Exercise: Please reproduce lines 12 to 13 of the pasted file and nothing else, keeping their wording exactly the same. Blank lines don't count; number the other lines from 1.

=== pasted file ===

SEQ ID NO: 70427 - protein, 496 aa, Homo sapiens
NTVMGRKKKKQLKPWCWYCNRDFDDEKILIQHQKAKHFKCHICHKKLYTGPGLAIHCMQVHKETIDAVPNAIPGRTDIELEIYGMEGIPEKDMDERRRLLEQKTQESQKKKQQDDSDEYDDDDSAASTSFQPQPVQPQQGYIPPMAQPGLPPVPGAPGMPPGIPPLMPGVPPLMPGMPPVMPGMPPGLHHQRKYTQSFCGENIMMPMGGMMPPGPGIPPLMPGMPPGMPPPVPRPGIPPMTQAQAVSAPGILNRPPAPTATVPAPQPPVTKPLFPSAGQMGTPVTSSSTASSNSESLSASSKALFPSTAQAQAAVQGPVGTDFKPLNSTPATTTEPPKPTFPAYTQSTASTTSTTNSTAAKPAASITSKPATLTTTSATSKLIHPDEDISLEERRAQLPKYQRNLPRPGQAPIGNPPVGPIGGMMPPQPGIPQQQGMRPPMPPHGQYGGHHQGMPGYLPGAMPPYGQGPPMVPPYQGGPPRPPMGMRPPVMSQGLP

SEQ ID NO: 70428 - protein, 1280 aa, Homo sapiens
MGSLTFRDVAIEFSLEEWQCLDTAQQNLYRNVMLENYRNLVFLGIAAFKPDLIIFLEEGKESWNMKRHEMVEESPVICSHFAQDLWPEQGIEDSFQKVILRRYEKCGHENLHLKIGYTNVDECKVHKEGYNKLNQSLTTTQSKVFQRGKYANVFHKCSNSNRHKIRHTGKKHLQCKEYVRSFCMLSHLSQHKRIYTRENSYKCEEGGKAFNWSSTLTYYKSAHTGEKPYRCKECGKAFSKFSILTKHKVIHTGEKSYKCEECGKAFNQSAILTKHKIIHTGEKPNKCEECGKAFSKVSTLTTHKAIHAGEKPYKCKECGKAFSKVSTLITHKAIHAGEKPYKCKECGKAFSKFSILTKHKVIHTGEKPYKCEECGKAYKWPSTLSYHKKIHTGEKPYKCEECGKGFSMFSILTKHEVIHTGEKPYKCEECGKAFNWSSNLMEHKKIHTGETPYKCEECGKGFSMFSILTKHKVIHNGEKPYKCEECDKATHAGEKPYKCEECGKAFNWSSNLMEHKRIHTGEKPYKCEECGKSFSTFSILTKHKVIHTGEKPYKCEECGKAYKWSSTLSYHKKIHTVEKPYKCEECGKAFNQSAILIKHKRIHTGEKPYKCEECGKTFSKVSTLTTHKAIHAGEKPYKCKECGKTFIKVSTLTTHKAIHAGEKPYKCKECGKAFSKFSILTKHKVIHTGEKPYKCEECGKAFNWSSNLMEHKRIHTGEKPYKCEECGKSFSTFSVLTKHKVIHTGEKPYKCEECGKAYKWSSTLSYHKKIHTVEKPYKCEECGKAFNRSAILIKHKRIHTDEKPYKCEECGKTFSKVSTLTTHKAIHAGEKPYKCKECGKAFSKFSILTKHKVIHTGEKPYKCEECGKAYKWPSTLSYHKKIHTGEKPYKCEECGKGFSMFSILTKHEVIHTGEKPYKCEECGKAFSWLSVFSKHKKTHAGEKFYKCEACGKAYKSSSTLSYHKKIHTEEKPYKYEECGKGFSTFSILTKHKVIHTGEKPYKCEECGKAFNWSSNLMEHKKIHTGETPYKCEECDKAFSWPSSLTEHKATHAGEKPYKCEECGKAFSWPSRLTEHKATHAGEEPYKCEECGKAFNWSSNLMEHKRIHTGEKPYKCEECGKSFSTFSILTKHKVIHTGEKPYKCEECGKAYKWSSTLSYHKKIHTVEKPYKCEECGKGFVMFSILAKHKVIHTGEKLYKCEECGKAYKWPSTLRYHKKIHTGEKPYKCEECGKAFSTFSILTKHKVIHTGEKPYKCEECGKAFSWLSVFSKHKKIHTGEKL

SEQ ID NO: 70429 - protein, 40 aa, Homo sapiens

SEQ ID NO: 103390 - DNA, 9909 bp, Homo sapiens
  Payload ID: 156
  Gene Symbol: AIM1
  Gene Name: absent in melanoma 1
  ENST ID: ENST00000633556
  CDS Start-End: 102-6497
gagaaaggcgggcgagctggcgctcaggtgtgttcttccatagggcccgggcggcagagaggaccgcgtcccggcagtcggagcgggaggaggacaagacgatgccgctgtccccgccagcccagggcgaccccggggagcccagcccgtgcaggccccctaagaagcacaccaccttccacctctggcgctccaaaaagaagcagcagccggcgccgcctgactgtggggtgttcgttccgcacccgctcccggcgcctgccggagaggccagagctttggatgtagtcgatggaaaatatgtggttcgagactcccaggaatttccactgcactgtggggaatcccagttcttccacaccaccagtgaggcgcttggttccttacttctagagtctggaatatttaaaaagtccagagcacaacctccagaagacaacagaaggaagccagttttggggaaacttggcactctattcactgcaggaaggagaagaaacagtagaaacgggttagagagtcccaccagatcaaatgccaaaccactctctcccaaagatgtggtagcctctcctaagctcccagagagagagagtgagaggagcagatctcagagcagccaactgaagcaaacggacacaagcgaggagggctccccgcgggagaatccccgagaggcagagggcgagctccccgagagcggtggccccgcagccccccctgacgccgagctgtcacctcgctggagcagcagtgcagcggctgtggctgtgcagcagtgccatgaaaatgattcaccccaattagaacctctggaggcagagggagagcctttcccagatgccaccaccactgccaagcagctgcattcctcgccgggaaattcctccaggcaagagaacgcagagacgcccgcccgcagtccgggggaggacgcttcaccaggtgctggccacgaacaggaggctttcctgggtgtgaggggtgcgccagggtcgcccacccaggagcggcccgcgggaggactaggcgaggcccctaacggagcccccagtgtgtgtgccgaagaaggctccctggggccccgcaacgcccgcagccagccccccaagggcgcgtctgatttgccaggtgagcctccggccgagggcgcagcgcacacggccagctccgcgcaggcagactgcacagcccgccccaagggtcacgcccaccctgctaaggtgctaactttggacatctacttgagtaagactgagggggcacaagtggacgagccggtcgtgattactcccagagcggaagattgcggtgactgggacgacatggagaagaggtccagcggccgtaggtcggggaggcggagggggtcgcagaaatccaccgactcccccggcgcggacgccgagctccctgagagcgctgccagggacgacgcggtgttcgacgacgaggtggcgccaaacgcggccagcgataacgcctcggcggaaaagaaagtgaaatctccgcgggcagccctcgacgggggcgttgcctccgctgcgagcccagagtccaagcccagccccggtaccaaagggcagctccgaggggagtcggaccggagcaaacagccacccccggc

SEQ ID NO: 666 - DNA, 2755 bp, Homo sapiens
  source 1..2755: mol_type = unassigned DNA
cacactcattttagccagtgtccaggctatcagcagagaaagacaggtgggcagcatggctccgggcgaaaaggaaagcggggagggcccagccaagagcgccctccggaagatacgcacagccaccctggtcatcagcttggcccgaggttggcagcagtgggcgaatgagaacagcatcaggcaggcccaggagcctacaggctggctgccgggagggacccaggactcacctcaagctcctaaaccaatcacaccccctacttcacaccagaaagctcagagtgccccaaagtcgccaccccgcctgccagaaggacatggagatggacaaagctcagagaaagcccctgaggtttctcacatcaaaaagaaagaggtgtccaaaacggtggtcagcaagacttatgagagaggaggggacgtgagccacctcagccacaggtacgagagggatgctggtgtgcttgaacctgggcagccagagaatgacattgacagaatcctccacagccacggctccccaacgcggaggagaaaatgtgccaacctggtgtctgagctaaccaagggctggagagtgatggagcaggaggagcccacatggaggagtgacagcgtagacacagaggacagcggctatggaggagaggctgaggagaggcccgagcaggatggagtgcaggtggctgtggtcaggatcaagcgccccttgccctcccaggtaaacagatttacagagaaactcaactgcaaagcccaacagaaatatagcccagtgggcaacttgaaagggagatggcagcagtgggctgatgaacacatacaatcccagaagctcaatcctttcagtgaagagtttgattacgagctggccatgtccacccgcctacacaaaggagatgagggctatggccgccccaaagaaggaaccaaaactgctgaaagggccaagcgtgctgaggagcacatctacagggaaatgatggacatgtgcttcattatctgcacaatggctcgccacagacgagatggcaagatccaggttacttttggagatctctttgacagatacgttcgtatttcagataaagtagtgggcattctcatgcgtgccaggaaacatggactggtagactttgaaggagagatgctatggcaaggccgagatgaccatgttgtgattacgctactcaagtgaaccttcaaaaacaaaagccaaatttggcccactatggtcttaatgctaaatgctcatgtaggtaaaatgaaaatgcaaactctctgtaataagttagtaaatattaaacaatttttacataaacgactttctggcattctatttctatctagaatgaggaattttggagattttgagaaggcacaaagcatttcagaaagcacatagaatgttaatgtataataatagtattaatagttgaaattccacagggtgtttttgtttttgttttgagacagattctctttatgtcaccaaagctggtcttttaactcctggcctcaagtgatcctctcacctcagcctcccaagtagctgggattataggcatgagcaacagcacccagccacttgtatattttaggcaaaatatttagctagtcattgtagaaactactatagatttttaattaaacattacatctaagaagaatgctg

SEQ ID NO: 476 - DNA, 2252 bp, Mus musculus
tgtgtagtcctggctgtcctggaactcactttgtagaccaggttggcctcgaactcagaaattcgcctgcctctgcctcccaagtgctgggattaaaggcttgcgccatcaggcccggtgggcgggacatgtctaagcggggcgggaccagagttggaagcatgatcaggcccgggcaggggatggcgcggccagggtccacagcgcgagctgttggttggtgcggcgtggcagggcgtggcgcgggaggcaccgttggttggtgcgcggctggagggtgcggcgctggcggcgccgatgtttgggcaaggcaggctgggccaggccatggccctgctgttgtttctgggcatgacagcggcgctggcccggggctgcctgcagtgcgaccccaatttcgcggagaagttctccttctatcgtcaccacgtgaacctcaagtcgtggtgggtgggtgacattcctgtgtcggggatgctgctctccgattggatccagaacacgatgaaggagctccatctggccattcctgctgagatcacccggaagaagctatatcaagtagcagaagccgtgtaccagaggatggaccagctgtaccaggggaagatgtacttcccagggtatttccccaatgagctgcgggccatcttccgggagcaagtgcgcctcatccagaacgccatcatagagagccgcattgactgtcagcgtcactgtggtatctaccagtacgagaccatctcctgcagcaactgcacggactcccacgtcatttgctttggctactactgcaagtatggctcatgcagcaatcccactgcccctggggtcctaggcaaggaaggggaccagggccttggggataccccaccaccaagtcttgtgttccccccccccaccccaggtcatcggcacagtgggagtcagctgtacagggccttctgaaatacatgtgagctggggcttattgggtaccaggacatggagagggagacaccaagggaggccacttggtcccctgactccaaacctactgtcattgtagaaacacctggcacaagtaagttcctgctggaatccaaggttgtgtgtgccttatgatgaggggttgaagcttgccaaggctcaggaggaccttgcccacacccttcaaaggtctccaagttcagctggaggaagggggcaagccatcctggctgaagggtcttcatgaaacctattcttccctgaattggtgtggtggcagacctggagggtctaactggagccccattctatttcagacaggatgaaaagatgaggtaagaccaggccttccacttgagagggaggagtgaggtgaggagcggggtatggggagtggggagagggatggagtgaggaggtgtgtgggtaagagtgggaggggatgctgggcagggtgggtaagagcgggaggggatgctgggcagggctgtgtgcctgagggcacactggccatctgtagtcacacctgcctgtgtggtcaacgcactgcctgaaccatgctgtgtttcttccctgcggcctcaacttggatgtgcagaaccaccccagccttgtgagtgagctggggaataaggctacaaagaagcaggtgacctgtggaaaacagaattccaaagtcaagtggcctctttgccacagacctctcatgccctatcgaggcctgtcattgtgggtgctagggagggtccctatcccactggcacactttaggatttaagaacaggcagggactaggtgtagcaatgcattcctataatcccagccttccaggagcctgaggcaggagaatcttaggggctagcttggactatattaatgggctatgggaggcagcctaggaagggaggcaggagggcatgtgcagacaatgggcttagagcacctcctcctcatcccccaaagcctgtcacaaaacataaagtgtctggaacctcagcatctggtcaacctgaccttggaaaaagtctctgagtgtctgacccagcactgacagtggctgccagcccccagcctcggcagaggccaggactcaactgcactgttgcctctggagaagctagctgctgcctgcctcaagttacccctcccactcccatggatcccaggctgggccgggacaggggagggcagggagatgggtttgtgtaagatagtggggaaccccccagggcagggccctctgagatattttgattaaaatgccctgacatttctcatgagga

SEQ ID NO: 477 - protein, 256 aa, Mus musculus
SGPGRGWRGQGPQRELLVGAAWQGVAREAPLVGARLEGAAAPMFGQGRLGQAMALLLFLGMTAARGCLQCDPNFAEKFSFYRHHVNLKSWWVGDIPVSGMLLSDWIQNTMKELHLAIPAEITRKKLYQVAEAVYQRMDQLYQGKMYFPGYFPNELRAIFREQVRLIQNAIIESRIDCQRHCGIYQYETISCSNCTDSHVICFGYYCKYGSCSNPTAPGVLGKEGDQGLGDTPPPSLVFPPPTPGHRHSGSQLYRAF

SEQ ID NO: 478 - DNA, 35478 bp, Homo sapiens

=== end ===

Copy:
gagaaaggcgggcgagctggcgctcaggtgtgttcttccatagggcccgggcggcagagaggaccgcgtcccggcagtcggagcgggaggaggacaagacgatgccgctgtccccgccagcccagggcgaccccggggagcccagcccgtgcaggccccctaagaagcacaccaccttccacctctggcgctccaaaaagaagcagcagccggcgccgcctgactgtggggtgttcgttccgcacccgctcccggcgcctgccggagaggccagagctttggatgtagtcgatggaaaatatgtggttcgagactcccaggaatttccactgcactgtggggaatcccagttcttccacaccaccagtgaggcgcttggttccttacttctagagtctggaatatttaaaaagtccagagcacaacctccagaagacaacagaaggaagccagttttggggaaacttggcactctattcactgcaggaaggagaagaaacagtagaaacgggttagagagtcccaccagatcaaatgccaaaccactctctcccaaagatgtggtagcctctcctaagctcccagagagagagagtgagaggagcagatctcagagcagccaactgaagcaaacggacacaagcgaggagggctccccgcgggagaatccccgagaggcagagggcgagctccccgagagcggtggccccgcagccccccctgacgccgagctgtcacctcgctggagcagcagtgcagcggctgtggctgtgcagcagtgccatgaaaatgattcaccccaattagaacctctggaggcagagggagagcctttcccagatgccaccaccactgccaagcagctgcattcctcgccgggaaattcctccaggcaagagaacgcagagacgcccgcccgcagtccgggggaggacgcttcaccaggtgctggccacgaacaggaggctttcctgggtgtgaggggtgcgccagggtcgcccacccaggagcggcccgcgggaggactaggcgaggcccctaacggagcccccagtgtgtgtgccgaagaaggctccctggggccccgcaacgcccgcagccagccccccaagggcgcgtctgatttgccaggtgagcctccggccgagggcgcagcgcacacggccagctccgcgcaggcagactgcacagcccgccccaagggtcacgcccaccctgctaaggtgctaactttggacatctacttgagtaagactgagggggcacaagtggacgagccggtcgtgattactcccagagcggaagattgcggtgactgggacgacatggagaagaggtccagcggccgtaggtcggggaggcggagggggtcgcagaaatccaccgactcccccggcgcggacgccgagctccctgagagcgctgccagggacgacgcggtgttcgacgacgaggtggcgccaaacgcggccagcgataacgcctcggcggaaaagaaagtgaaatctccgcgggcagccctcgacgggggcgttgcctccgctgcgagcccagagtccaagcccagccccggtaccaaagggcagctccgaggggagtcggaccggagcaaacagccacccccggc

SEQ ID NO: 666 - DNA, 2755 bp, Homo sapiens